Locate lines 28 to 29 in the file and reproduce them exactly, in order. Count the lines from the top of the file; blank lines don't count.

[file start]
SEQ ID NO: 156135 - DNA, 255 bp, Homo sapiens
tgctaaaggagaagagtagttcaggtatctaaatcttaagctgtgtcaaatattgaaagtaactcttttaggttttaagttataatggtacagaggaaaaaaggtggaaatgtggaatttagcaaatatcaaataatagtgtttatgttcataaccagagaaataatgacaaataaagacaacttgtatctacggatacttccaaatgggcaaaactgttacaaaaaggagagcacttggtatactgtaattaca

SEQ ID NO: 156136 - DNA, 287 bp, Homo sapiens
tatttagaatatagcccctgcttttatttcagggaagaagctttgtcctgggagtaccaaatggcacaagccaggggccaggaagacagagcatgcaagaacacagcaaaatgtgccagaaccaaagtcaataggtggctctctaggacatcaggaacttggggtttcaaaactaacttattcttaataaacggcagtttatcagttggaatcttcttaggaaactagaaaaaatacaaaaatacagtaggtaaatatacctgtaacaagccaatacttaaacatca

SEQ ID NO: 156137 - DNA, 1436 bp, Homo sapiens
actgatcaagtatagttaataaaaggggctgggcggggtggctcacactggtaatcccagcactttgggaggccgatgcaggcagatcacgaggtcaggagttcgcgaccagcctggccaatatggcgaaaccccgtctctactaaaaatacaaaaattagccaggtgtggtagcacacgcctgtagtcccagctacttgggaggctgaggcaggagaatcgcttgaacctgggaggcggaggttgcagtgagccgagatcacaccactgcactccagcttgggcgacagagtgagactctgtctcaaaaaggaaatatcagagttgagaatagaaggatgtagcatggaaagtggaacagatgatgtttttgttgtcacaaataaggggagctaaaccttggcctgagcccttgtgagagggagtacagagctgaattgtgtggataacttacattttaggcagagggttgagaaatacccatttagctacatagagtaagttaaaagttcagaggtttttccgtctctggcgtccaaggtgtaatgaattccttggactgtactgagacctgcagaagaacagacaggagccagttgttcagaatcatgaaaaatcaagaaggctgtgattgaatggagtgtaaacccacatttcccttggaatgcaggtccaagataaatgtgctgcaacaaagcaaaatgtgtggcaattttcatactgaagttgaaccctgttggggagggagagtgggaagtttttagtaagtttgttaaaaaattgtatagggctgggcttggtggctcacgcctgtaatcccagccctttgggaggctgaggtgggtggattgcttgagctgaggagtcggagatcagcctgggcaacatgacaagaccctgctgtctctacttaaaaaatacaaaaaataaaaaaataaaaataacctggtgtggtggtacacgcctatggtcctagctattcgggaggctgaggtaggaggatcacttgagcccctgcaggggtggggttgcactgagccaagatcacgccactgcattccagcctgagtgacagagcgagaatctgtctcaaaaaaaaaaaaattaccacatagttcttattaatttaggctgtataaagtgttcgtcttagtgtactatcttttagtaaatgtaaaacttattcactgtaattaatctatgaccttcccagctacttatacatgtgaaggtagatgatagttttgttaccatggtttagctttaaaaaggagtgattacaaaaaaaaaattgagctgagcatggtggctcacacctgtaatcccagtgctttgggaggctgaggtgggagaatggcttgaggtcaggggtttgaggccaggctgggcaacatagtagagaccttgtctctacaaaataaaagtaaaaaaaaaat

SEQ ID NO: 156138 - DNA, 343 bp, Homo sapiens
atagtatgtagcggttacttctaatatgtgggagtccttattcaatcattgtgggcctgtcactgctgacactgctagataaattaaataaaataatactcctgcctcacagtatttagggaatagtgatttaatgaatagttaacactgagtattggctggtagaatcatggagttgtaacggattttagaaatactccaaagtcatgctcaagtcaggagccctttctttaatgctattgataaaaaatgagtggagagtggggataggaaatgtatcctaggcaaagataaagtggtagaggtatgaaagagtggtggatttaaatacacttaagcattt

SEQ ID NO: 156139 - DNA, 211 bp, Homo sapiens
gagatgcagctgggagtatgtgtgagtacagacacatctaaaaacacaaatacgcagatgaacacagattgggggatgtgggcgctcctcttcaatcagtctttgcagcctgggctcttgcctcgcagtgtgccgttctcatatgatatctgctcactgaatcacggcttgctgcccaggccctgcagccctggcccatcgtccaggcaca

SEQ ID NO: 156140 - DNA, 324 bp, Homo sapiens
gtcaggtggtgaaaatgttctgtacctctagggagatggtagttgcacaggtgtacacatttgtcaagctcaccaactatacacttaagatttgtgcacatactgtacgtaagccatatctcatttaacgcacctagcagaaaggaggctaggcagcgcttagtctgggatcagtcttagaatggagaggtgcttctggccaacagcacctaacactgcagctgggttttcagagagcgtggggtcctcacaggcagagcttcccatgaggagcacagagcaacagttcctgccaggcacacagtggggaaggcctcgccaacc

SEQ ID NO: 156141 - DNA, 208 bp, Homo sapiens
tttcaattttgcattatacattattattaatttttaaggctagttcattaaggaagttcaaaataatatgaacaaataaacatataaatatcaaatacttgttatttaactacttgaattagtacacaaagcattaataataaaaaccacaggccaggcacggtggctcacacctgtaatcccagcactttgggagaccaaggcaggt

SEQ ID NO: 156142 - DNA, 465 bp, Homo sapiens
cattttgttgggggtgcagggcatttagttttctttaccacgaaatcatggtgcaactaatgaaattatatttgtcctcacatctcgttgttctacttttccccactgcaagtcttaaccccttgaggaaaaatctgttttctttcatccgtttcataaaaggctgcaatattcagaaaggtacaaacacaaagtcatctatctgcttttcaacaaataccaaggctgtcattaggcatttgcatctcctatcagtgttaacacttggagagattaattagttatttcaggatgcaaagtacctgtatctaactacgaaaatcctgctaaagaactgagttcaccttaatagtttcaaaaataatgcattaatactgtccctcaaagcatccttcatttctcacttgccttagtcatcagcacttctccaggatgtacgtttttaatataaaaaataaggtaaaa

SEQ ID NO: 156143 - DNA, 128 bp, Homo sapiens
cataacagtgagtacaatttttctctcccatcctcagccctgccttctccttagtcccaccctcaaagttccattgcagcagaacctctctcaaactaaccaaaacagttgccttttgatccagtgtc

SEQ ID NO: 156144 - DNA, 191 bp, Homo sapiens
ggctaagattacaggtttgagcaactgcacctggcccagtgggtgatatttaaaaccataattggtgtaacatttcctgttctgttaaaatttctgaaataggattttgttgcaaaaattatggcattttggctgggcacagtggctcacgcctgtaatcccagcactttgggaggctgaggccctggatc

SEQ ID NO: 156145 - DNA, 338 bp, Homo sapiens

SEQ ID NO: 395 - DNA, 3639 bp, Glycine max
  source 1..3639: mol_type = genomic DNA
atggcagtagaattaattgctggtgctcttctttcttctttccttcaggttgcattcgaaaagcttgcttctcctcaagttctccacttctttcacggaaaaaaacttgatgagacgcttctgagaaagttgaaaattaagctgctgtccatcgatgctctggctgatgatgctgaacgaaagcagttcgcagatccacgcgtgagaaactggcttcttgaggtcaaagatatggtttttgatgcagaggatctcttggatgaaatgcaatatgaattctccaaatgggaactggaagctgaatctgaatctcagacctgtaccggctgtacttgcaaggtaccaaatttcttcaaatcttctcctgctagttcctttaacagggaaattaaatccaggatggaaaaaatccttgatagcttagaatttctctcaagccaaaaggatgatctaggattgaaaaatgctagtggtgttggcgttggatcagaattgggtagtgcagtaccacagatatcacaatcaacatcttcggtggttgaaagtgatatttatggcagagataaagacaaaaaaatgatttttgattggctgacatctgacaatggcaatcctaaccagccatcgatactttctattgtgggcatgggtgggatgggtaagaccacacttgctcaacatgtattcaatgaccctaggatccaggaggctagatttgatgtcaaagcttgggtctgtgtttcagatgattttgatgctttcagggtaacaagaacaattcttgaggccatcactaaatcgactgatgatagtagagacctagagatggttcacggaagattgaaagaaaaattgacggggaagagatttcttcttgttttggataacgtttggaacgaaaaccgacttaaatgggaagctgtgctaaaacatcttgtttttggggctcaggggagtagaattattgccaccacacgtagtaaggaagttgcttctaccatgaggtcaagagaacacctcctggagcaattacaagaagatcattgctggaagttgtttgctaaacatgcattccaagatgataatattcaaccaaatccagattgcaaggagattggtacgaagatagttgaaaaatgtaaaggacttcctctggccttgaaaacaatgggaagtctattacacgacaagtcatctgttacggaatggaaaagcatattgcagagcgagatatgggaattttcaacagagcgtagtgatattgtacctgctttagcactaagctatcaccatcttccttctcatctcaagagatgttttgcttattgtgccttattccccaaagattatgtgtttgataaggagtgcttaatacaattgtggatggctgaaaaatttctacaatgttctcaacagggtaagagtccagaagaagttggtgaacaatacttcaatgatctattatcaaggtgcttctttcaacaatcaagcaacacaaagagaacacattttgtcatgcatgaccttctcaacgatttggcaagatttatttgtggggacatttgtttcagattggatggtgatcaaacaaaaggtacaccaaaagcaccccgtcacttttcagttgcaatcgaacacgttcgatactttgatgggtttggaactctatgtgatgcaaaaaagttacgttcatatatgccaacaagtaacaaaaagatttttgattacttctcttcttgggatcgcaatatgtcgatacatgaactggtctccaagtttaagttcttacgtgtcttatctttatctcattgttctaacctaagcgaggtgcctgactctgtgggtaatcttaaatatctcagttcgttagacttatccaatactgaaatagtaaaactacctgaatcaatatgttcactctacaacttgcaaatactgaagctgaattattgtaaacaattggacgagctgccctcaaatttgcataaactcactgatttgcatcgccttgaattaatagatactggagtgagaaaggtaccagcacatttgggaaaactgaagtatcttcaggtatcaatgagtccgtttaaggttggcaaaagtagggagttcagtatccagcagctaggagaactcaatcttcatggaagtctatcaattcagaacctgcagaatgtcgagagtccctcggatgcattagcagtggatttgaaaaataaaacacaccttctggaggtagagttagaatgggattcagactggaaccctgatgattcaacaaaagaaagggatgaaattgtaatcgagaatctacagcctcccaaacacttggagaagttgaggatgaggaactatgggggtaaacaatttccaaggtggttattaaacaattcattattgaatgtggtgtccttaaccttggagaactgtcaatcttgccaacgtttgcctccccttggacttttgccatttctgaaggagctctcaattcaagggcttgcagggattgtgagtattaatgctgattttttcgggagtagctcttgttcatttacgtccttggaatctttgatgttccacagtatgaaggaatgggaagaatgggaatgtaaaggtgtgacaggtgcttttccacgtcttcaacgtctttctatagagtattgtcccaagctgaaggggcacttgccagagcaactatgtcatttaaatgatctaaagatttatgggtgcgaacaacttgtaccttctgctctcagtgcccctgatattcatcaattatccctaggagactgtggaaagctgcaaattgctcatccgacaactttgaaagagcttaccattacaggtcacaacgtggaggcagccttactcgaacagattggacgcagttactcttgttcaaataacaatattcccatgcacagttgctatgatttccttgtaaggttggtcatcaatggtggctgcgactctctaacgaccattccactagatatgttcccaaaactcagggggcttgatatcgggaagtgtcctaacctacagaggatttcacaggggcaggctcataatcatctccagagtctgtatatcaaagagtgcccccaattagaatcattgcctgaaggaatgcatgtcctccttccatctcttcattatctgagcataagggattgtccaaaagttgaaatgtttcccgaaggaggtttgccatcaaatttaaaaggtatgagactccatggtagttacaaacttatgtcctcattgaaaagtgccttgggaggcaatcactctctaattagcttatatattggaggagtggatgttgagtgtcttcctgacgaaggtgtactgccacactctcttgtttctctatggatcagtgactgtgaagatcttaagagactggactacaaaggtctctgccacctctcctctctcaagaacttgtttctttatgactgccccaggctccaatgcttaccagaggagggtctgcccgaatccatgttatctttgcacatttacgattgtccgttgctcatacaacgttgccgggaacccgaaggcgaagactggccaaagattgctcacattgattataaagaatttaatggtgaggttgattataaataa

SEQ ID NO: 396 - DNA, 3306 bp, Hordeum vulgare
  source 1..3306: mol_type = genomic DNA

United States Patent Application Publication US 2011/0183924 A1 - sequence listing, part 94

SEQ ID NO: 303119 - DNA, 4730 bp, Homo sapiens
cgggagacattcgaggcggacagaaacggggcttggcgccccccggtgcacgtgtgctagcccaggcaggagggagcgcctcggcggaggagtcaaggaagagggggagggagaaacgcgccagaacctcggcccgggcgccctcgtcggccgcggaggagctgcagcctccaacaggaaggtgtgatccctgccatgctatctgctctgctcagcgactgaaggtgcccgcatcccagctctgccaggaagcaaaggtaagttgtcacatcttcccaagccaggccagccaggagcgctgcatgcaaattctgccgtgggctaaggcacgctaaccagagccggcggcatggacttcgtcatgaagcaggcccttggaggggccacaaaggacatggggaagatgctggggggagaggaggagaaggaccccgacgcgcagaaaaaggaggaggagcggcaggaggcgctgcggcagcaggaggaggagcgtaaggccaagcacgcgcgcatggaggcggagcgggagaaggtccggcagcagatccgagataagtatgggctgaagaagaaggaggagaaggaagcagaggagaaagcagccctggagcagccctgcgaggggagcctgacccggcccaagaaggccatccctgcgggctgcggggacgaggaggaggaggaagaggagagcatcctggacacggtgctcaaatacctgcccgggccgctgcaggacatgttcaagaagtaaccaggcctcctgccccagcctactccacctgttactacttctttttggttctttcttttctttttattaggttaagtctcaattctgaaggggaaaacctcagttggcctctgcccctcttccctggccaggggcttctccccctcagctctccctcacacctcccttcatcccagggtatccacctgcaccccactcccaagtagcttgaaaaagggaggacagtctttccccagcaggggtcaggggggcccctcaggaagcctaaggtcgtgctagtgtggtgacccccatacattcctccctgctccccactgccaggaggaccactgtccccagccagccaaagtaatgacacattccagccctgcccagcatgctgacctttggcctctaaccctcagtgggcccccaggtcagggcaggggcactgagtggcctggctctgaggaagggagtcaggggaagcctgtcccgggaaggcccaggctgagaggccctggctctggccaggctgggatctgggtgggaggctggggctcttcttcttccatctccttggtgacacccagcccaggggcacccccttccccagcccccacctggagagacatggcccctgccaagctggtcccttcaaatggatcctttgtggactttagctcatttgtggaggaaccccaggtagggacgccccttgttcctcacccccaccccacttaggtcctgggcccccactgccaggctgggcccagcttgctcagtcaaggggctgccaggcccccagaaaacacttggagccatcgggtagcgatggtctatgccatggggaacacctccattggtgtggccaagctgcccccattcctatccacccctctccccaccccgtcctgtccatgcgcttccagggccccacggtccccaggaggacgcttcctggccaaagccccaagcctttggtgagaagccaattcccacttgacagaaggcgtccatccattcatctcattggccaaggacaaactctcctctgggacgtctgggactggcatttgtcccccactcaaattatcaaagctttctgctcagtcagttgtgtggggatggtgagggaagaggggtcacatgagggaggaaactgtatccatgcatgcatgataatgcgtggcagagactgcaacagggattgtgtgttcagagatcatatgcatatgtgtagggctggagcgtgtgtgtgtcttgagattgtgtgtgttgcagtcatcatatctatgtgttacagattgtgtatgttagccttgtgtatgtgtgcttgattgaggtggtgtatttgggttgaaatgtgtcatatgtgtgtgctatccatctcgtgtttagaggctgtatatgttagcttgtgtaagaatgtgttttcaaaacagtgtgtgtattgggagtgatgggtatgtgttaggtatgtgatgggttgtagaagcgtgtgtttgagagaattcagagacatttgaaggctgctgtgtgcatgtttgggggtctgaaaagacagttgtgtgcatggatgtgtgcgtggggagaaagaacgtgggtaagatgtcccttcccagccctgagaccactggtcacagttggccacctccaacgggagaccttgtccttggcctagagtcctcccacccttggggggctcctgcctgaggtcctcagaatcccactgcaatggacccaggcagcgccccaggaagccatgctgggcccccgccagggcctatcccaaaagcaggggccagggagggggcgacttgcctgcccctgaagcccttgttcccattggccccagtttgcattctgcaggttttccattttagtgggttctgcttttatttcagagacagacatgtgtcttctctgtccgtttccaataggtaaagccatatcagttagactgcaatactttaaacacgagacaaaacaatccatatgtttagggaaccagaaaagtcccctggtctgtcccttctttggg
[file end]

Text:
SEQ ID NO: 303119 - DNA, 4730 bp, Homo sapiens
cgggagacattcgaggcggacagaaacggggcttggcgccccccggtgcacgtgtgctagcccaggcaggagggagcgcctcggcggaggagtcaaggaagagggggagggagaaacgcgccagaacctcggcccgggcgccctcgtcggccgcggaggagctgcagcctccaacaggaaggtgtgatccctgccatgctatctgctctgctcagcgactgaaggtgcccgcatcccagctctgccaggaagcaaaggtaagttgtcacatcttcccaagccaggccagccaggagcgctgcatgcaaattctgccgtgggctaaggcacgctaaccagagccggcggcatggacttcgtcatgaagcaggcccttggaggggccacaaaggacatggggaagatgctggggggagaggaggagaaggaccccgacgcgcagaaaaaggaggaggagcggcaggaggcgctgcggcagcaggaggaggagcgtaaggccaagcacgcgcgcatggaggcggagcgggagaaggtccggcagcagatccgagataagtatgggctgaagaagaaggaggagaaggaagcagaggagaaagcagccctggagcagccctgcgaggggagcctgacccggcccaagaaggccatccctgcgggctgcggggacgaggaggaggaggaagaggagagcatcctggacacggtgctcaaatacctgcccgggccgctgcaggacatgttcaagaagtaaccaggcctcctgccccagcctactccacctgttactacttctttttggttctttcttttctttttattaggttaagtctcaattctgaaggggaaaacctcagttggcctctgcccctcttccctggccaggggcttctccccctcagctctccctcacacctcccttcatcccagggtatccacctgcaccccactcccaagtagcttgaaaaagggaggacagtctttccccagcaggggtcaggggggcccctcaggaagcctaaggtcgtgctagtgtggtgacccccatacattcctccctgctccccactgccaggaggaccactgtccccagccagccaaagtaatgacacattccagccctgcccagcatgctgacctttggcctctaaccctcagtgggcccccaggtcagggcaggggcactgagtggcctggctctgaggaagggagtcaggggaagcctgtcccgggaaggcccaggctgagaggccctggctctggccaggctgggatctgggtgggaggctggggctcttcttcttccatctccttggtgacacccagcccaggggcacccccttccccagcccccacctggagagacatggcccctgccaagctggtcccttcaaatggatcctttgtggactttagctcatttgtggaggaaccccaggtagggacgccccttgttcctcacccccaccccacttaggtcctgggcccccactgccaggctgggcccagcttgctcagtcaaggggctgccaggcccccagaaaacacttggagccatcgggtagcgatggtctatgccatggggaacacctccattggtgtggccaagctgcccccattcctatccacccctctccccaccccgtcctgtccatgcgcttccagggccccacggtccccaggaggacgcttcctggccaaagccccaagcctttggtgagaagccaattcccacttgacagaaggcgtccatccattcatctcattggccaaggacaaactctcctctgggacgtctgggactggcatttgtcccccactcaaattatcaaagctttctgctcagtcagttgtgtggggatggtgagggaagaggggtcacatgagggaggaaactgtatccatgcatgcatgataatgcgtggcagagactgcaacagggattgtgtgttcagagatcatatgcatatgtgtagggctggagcgtgtgtgtgtcttgagattgtgtgtgttgcagtcatcatatctatgtgttacagattgtgtatgttagccttgtgtatgtgtgcttgattgaggtggtgtatttgggttgaaatgtgtcatatgtgtgtgctatccatctcgtgtttagaggctgtatatgttagcttgtgtaagaatgtgttttcaaaacagtgtgtgtattgggagtgatgggtatgtgttaggtatgtgatgggttgtagaagcgtgtgtttgagagaattcagagacatttgaaggctgctgtgtgcatgtttgggggtctgaaaagacagttgtgtgcatggatgtgtgcgtggggagaaagaacgtgggtaagatgtcccttcccagccctgagaccactggtcacagttggccacctccaacgggagaccttgtccttggcctagagtcctcccacccttggggggctcctgcctgaggtcctcagaatcccactgcaatggacccaggcagcgccccaggaagccatgctgggcccccgccagggcctatcccaaaagcaggggccagggagggggcgacttgcctgcccctgaagcccttgttcccattggccccagtttgcattctgcaggttttccattttagtgggttctgcttttatttcagagacagacatgtgtcttctctgtccgtttccaataggtaaagccatatcagttagactgcaatactttaaacacgagacaaaacaatccatatgtttagggaaccagaaaagtcccctggtctgtcccttctttggg